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The exhibition “Francis Bacon, Lucian Freud and the School of London’’ that opened at the Pushkin Museum of Fine Arts in Moscow last week, has all chances to become a serious crowd-puller. For the first time, the Russian public has an opportunity to get acquainted with a unique and very important chapter in the history of modern British art. Despite the worldwide fame of most of the masters, whose names are usually associated with the so-called London School, monographs of Francis Bacon were held in Russia, but only occasionally single works by Lucian Freud, Frank Auerbach, Leon Kossoff were exhibited. The current exhibition is to bridge this gap.
While ties between India and Russia continue to scale newer heights following an informal summit last year, more and more Indians are being exposed to rich Russian culture. The spacious exhibition halls of Lalit Kala Akademi in Kota (Rajasthan) was the last venue hosting a moving art symposium “Opening Russia-2019”, which took place in January - February in several cities of Rajasthan, West Bengal and, of course, in the capital of India – Delhi, where the two-month art marathon started at Arpana Fine Arts Gallery at the very end of December.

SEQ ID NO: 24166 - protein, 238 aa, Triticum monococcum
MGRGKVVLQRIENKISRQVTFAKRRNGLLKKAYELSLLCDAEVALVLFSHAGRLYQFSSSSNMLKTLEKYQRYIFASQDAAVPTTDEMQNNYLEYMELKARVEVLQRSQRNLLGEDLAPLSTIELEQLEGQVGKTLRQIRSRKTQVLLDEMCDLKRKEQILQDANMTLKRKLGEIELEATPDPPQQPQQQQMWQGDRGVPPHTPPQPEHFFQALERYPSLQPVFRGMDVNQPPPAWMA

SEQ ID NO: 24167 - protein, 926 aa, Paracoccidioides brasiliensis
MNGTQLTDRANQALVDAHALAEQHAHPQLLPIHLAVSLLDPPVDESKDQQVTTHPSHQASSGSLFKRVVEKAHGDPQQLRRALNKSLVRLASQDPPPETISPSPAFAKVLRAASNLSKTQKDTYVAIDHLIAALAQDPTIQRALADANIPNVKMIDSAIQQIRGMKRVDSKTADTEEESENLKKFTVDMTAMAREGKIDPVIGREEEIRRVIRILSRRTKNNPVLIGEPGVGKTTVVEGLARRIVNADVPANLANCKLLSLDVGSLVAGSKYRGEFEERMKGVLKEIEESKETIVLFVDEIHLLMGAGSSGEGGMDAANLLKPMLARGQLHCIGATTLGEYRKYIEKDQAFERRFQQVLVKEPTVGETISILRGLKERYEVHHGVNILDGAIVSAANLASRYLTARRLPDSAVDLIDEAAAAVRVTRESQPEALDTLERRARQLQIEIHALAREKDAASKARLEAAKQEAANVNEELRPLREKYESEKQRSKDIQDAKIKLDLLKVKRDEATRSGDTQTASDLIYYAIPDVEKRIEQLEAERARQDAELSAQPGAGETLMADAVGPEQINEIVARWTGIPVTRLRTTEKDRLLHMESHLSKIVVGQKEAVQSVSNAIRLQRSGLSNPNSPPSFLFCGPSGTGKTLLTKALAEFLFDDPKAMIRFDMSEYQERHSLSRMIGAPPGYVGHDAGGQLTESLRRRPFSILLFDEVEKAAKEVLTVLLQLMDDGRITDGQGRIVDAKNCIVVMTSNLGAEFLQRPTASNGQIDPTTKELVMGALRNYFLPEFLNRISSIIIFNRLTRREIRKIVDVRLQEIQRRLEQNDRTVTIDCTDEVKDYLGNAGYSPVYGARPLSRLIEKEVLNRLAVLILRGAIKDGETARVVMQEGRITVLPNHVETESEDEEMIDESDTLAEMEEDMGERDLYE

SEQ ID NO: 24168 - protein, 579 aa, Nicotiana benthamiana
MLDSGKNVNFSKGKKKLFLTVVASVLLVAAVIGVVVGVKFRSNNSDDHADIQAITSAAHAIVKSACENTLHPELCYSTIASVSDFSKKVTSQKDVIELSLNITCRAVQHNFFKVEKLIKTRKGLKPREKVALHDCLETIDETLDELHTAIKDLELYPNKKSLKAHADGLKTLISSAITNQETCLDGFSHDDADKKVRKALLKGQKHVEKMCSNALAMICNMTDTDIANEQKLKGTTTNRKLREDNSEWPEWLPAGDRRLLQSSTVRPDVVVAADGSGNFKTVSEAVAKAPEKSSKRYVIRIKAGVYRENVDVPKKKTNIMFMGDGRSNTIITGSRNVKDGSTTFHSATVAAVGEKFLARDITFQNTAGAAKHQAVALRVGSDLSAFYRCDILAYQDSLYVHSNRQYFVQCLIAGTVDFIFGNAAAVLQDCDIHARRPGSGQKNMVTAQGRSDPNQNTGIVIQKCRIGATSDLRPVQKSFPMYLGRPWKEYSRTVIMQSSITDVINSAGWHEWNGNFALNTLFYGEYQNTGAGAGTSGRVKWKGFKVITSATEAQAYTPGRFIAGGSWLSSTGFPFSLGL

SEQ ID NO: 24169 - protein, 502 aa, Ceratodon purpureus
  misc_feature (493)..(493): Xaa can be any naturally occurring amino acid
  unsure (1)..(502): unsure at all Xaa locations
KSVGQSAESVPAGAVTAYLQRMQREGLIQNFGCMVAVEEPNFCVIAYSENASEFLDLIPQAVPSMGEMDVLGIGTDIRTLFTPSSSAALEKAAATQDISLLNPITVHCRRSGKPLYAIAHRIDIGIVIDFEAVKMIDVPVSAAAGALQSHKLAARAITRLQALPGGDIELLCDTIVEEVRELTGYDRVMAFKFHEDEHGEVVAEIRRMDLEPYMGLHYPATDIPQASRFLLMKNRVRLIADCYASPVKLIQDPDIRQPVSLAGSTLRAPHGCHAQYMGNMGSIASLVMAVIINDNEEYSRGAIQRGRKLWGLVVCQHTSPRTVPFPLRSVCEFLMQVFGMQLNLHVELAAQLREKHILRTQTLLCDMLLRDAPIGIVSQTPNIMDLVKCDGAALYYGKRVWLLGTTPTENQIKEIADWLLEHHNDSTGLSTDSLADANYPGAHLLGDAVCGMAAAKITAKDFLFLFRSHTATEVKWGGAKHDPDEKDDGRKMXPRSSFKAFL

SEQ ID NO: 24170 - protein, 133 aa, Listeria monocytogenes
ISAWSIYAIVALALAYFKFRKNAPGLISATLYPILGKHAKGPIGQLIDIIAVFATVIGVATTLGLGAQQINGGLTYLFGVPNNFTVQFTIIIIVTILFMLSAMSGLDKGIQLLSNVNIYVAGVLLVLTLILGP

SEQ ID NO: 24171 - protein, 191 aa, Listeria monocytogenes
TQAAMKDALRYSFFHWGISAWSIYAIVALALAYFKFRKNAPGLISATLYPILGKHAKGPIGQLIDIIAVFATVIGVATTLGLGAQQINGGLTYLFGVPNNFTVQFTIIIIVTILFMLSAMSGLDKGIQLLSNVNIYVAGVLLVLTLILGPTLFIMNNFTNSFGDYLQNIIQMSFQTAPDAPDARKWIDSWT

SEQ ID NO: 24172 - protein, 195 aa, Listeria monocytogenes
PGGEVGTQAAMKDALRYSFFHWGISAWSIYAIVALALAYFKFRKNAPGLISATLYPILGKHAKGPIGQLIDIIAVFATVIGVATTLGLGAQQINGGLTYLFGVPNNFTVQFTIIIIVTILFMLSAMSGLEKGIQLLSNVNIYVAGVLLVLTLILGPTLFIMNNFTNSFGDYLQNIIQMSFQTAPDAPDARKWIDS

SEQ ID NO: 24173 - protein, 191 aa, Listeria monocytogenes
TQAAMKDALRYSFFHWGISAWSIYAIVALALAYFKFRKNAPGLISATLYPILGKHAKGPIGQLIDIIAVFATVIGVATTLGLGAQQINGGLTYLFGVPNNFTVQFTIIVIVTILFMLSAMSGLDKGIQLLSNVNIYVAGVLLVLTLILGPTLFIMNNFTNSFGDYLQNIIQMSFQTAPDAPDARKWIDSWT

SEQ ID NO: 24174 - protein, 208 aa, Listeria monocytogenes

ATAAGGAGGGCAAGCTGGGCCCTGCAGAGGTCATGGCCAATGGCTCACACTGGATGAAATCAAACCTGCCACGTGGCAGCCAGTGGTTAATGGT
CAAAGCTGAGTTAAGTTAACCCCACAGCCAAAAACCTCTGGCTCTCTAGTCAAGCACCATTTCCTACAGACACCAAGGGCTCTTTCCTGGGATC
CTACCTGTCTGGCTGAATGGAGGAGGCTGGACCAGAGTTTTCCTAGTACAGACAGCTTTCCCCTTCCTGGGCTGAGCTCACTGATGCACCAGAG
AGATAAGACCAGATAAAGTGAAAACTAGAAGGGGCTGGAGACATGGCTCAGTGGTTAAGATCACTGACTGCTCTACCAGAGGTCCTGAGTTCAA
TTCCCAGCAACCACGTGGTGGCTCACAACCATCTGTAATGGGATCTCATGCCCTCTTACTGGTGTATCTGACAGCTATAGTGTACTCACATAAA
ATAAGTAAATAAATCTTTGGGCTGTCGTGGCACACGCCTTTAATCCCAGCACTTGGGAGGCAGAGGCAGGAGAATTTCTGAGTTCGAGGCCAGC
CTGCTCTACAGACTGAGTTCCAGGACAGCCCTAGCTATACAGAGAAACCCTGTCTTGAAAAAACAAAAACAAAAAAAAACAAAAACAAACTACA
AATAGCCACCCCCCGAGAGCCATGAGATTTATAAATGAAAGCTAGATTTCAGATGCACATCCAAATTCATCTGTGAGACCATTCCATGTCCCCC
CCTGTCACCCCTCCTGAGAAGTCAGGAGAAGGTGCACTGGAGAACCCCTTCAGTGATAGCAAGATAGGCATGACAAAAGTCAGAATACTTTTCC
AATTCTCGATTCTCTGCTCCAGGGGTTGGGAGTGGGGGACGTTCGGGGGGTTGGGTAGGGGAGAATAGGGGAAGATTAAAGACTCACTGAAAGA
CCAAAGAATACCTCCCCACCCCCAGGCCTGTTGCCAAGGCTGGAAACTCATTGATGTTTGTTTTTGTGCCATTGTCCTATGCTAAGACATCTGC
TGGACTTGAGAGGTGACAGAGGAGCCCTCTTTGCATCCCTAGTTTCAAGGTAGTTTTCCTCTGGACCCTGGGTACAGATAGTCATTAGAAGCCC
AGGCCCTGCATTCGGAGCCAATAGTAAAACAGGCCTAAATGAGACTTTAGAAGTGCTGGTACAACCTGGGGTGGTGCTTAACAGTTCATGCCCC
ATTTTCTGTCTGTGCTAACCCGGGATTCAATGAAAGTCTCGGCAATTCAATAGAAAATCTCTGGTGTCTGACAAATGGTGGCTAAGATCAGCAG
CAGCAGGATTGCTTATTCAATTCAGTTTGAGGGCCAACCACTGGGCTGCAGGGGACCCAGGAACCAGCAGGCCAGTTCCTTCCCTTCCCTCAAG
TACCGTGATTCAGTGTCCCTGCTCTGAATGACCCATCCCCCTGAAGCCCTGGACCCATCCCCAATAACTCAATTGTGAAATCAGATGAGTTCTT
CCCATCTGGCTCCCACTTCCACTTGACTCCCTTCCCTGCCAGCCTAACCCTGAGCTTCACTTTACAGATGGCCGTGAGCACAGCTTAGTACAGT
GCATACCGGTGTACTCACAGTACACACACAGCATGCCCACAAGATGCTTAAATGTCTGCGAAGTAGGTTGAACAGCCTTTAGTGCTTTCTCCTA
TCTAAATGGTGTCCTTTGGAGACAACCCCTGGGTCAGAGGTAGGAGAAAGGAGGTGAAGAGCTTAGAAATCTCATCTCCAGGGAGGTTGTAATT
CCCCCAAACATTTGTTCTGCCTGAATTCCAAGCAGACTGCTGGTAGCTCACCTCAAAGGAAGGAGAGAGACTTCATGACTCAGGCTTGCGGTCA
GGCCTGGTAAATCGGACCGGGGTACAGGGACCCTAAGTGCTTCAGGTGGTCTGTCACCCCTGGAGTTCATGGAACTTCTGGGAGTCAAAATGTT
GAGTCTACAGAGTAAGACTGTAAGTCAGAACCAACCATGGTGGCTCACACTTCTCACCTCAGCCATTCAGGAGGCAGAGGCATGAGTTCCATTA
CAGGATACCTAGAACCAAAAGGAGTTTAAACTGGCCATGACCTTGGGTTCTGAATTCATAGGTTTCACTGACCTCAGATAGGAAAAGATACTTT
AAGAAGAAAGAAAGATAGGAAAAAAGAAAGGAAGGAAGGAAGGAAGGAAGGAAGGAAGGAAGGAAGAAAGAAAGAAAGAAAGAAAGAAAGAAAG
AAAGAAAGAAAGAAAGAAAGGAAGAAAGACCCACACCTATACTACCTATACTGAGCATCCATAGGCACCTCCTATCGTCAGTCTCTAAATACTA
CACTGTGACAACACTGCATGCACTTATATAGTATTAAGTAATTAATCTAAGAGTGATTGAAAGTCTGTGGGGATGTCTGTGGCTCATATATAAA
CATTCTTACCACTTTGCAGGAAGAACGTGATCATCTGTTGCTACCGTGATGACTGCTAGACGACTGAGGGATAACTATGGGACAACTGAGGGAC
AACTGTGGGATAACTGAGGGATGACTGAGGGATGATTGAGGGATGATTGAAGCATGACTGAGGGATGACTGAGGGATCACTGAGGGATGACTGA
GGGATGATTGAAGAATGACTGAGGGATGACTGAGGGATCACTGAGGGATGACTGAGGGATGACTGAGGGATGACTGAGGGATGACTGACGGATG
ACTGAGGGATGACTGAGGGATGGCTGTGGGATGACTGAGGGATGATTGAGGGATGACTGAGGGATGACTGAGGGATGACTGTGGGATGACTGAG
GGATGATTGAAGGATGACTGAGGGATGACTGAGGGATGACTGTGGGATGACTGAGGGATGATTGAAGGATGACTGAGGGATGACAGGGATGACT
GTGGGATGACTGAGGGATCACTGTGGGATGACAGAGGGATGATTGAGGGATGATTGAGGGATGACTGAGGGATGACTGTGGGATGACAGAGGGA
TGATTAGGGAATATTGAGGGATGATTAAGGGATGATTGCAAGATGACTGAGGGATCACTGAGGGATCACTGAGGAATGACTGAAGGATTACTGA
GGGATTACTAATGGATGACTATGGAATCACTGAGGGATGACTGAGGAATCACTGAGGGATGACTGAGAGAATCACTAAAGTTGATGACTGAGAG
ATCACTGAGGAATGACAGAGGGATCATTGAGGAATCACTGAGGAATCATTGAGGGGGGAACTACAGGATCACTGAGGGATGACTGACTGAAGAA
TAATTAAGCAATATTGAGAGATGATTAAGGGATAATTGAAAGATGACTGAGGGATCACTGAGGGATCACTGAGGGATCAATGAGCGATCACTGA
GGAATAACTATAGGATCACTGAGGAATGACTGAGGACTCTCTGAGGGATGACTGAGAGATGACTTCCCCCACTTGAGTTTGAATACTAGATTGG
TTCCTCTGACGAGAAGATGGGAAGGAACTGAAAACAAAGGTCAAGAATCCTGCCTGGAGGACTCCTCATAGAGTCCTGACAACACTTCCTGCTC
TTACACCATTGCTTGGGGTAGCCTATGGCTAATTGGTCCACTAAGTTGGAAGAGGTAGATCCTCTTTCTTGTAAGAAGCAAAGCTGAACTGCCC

The official presentation of the Nadja Brykina Foundation was held in mid-January in the gallery space in central Moscow where since 2010 Nadja Brykina Gallery has hosted numerous retrospectives and solo shows of the Nonconformist artists of the 1960s-80s as well as artists of the younger generation. The Foundation marked its opening with an exhibition which presents works by Vladimir Andreenkov, Francisco Infante, Alexei Kamensky, Andrey Krasulin, Boris Otarov, Sergey Potapov, and Yuri Zlotnikov to name a few – all of them are gallery artists with whom it has been working for over 20 years.
Muscovites have long got used that every December, the darkest month of the year, one of the city's central squares across from the Bolshoi Theatre, is brightly lit not only by a huge Christmas tree, but also by the Grand menorah traditionally installed for Hanukkah when Jews around the world celebrate the Festival of Lights and the miracle of the temple’s menorah burning brightly for eight full days. It has been over 25 years now, since it was first publically celebrated in Moscow in the 1990-s.
The star-sprinkled blue onion domes peppering the peaceful rural landscape, cozy wooden houses along a winding street and the beautiful Russian fortress of Alexandrovsky Kremlin are staring at you from the canvases showcased at Jawaharlal Nehru Cultural Center to the Embassy of India in Russia in Moscow, hosting the exhibition “Temples of Spirit: India and Russia” till the end of November.